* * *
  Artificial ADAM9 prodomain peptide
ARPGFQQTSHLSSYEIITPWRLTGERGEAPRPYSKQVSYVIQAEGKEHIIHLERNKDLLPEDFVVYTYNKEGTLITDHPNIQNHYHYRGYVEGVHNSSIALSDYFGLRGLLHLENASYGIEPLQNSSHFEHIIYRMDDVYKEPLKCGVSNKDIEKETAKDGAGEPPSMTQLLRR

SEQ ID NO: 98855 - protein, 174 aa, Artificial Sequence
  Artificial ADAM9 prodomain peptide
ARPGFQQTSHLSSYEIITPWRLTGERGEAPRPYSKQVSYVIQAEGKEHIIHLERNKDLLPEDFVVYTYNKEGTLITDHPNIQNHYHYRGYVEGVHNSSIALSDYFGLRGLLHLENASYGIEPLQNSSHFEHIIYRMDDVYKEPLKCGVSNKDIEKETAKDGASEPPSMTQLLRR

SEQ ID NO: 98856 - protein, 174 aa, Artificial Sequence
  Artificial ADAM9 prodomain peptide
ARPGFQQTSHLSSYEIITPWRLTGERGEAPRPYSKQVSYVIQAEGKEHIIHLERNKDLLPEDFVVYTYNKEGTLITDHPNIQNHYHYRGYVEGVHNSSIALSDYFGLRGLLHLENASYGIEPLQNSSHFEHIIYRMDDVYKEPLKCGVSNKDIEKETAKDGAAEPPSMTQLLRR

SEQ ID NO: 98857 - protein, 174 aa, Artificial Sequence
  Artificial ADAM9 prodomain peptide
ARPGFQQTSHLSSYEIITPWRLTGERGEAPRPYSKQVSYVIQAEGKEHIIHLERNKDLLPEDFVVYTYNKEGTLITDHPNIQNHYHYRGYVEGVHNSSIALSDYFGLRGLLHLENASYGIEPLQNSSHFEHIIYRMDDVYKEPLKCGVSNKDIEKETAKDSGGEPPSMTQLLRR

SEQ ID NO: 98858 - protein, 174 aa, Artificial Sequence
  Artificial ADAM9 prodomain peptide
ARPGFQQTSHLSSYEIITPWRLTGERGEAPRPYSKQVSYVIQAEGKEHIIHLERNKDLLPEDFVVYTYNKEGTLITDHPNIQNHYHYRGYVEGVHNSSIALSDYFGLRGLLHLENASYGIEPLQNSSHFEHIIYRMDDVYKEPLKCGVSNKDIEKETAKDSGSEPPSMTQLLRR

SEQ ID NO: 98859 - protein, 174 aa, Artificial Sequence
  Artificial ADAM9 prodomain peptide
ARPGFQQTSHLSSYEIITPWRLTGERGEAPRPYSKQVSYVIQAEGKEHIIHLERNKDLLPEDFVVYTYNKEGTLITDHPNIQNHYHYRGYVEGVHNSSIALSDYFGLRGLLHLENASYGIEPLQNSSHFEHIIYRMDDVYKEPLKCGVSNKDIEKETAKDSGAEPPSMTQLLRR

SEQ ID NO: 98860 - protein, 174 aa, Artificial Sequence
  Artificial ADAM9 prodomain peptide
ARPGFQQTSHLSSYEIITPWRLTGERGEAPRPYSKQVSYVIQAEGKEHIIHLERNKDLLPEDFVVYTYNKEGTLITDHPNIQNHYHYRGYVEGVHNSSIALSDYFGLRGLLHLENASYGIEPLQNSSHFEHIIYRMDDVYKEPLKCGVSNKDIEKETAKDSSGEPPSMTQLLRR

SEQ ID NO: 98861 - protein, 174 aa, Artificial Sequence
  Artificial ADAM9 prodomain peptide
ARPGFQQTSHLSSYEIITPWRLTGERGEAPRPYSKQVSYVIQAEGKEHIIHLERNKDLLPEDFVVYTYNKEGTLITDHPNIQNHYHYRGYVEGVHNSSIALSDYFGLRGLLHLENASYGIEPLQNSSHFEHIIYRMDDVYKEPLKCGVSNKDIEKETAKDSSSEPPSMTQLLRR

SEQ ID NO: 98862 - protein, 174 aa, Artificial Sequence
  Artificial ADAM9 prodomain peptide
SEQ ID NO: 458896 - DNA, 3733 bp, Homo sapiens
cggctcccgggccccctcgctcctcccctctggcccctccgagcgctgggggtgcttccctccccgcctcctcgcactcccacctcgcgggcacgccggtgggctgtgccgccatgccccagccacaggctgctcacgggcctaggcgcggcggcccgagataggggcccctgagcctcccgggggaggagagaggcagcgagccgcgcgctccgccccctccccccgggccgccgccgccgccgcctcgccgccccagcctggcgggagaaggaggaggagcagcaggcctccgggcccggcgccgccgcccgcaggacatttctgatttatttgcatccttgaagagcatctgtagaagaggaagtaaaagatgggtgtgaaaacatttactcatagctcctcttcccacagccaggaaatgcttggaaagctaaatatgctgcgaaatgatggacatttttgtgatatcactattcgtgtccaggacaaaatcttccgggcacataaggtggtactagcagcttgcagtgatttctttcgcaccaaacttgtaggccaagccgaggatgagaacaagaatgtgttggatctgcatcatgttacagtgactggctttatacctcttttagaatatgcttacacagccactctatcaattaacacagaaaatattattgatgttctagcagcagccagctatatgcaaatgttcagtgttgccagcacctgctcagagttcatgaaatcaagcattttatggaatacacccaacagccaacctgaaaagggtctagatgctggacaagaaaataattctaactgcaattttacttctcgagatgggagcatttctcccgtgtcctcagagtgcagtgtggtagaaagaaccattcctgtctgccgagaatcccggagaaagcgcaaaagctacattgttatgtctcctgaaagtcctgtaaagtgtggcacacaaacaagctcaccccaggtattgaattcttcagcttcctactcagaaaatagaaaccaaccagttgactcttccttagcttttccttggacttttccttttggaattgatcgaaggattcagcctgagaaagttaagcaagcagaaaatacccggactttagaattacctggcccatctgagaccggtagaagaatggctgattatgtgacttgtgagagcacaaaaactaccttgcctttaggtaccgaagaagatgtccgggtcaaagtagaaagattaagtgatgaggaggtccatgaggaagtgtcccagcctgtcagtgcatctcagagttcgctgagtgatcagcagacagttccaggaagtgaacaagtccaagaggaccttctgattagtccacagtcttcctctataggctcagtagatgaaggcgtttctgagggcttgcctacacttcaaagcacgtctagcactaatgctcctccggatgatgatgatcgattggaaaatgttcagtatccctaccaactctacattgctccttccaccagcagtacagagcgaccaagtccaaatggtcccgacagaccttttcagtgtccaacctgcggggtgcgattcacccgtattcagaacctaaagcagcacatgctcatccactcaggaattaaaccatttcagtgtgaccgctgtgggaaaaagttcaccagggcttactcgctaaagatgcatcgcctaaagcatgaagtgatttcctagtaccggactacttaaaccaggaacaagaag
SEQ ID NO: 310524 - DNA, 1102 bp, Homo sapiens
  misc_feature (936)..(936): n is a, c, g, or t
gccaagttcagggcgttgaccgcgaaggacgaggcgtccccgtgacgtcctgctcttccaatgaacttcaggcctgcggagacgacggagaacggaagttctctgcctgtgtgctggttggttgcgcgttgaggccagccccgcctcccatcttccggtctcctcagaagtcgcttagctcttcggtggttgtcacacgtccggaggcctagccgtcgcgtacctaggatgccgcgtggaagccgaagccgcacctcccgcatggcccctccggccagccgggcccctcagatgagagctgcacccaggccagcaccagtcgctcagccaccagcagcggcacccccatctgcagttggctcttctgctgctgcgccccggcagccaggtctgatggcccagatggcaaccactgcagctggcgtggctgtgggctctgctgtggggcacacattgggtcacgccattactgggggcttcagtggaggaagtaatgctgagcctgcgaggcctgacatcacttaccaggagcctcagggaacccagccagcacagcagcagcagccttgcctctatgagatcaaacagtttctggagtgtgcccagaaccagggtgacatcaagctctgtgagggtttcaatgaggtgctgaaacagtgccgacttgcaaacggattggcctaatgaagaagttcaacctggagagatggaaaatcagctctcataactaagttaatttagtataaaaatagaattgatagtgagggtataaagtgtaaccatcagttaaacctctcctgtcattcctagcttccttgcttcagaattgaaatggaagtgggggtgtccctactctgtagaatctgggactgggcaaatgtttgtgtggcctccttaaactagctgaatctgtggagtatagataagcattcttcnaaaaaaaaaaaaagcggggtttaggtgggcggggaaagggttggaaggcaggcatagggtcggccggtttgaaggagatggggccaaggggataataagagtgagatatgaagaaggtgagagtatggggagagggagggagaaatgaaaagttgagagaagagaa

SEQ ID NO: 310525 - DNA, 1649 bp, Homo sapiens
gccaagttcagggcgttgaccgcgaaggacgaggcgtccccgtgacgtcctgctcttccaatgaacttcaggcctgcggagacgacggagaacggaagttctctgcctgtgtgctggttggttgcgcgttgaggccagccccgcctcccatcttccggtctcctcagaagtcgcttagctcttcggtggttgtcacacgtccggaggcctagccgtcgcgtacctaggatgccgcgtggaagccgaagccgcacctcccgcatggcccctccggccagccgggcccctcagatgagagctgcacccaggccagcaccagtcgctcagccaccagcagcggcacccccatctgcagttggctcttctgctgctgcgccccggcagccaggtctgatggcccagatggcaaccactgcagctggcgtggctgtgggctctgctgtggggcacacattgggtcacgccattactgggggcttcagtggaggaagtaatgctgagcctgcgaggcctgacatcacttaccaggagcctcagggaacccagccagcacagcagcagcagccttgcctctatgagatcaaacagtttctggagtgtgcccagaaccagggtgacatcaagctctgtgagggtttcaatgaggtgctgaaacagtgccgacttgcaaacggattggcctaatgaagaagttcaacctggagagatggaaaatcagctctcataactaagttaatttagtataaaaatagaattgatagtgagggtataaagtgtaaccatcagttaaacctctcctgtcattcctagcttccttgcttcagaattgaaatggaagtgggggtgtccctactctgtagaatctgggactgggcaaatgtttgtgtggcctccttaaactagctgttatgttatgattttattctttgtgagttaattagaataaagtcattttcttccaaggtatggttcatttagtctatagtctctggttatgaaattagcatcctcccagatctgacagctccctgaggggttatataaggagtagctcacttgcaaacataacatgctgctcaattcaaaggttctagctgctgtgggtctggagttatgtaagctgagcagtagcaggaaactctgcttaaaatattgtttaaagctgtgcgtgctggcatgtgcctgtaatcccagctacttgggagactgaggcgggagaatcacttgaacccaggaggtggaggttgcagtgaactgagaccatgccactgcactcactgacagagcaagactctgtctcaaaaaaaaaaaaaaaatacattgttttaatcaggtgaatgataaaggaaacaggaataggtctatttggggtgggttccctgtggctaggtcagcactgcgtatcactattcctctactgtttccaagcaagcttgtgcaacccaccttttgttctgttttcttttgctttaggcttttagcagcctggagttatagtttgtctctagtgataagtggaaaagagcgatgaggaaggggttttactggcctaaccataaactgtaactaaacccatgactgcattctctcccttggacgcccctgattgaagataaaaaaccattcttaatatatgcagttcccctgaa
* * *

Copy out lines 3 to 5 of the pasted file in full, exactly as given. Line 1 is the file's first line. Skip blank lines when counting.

SEQ ID NO: 98855 - protein, 174 aa, Artificial Sequence
  Artificial ADAM9 prodomain peptide
ARPGFQQTSHLSSYEIITPWRLTGERGEAPRPYSKQVSYVIQAEGKEHIIHLERNKDLLPEDFVVYTYNKEGTLITDHPNIQNHYHYRGYVEGVHNSSIALSDYFGLRGLLHLENASYGIEPLQNSSHFEHIIYRMDDVYKEPLKCGVSNKDIEKETAKDGASEPPSMTQLLRR